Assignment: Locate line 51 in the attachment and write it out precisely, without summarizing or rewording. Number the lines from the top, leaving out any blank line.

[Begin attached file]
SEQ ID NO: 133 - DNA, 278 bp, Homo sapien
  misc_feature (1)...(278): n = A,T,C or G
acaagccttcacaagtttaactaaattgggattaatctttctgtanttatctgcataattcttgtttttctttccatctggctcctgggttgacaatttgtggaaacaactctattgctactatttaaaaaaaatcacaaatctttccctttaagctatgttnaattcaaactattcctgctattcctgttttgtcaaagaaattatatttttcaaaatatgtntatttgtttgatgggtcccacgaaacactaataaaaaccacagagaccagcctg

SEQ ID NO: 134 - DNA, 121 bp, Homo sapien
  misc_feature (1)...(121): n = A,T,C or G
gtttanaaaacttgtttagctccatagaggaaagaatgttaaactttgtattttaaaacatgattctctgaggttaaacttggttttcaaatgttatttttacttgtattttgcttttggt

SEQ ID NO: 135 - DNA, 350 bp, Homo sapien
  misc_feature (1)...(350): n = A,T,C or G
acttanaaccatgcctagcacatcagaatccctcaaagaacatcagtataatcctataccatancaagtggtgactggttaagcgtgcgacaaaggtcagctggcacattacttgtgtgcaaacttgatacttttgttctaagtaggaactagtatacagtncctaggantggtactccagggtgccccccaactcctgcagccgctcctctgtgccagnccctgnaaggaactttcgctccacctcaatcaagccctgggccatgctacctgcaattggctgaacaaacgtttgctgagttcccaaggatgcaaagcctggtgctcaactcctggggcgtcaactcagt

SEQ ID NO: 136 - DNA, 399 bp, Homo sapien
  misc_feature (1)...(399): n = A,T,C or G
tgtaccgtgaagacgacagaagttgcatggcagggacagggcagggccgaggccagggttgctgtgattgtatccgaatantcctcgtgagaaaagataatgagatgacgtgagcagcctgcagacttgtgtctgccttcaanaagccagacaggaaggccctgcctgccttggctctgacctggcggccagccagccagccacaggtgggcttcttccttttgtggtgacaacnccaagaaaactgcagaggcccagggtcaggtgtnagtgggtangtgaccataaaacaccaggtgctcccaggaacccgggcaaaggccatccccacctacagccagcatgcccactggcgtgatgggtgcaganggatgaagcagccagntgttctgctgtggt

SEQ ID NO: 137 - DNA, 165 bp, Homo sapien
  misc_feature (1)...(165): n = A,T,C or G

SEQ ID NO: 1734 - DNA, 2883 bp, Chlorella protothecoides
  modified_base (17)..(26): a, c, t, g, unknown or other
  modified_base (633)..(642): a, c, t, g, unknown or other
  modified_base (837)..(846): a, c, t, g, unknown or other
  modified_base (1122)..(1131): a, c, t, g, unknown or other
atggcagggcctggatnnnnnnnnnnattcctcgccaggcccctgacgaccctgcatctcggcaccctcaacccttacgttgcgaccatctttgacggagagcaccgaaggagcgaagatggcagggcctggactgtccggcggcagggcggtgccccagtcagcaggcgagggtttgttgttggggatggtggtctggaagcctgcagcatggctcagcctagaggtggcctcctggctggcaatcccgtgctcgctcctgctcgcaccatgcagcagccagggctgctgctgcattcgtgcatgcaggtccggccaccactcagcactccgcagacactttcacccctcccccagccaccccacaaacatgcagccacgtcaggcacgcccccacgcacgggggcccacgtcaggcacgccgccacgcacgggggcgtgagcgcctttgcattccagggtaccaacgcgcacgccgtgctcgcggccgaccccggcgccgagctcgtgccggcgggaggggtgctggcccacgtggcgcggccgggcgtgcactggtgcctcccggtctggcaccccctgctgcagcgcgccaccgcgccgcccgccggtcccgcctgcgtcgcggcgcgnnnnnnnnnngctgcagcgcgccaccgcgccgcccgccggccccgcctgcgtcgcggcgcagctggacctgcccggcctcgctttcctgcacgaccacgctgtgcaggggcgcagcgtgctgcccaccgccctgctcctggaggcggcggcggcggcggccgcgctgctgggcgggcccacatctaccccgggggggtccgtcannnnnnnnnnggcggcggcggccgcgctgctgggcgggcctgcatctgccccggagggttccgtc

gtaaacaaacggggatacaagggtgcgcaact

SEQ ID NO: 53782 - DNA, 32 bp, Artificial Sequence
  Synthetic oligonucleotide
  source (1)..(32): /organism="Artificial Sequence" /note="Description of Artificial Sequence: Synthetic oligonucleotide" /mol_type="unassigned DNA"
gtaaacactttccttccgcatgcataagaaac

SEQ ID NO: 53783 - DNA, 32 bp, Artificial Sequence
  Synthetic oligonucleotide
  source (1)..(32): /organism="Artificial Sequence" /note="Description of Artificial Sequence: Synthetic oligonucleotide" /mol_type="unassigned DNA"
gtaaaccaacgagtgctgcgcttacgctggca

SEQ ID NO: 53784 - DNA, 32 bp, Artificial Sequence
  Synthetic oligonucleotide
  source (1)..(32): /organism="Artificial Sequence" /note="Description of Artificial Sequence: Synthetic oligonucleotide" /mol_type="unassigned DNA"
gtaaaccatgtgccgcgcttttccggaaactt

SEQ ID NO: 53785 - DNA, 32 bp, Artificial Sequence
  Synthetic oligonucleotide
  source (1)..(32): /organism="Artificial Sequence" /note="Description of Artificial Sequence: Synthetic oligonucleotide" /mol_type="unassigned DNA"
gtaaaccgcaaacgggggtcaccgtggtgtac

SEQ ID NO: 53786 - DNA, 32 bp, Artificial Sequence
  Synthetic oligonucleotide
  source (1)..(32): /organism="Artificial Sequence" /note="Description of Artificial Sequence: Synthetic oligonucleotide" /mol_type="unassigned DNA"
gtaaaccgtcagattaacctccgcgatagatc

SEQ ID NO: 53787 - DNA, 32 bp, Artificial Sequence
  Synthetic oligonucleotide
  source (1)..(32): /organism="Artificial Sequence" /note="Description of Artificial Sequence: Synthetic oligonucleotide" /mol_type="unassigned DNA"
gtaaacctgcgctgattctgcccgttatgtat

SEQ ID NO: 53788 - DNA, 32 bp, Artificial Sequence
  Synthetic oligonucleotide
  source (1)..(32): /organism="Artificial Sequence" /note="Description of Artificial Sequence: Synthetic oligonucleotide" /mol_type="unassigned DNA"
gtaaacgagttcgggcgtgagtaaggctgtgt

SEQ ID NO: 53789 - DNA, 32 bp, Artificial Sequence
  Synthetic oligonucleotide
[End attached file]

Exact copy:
  Synthetic oligonucleotide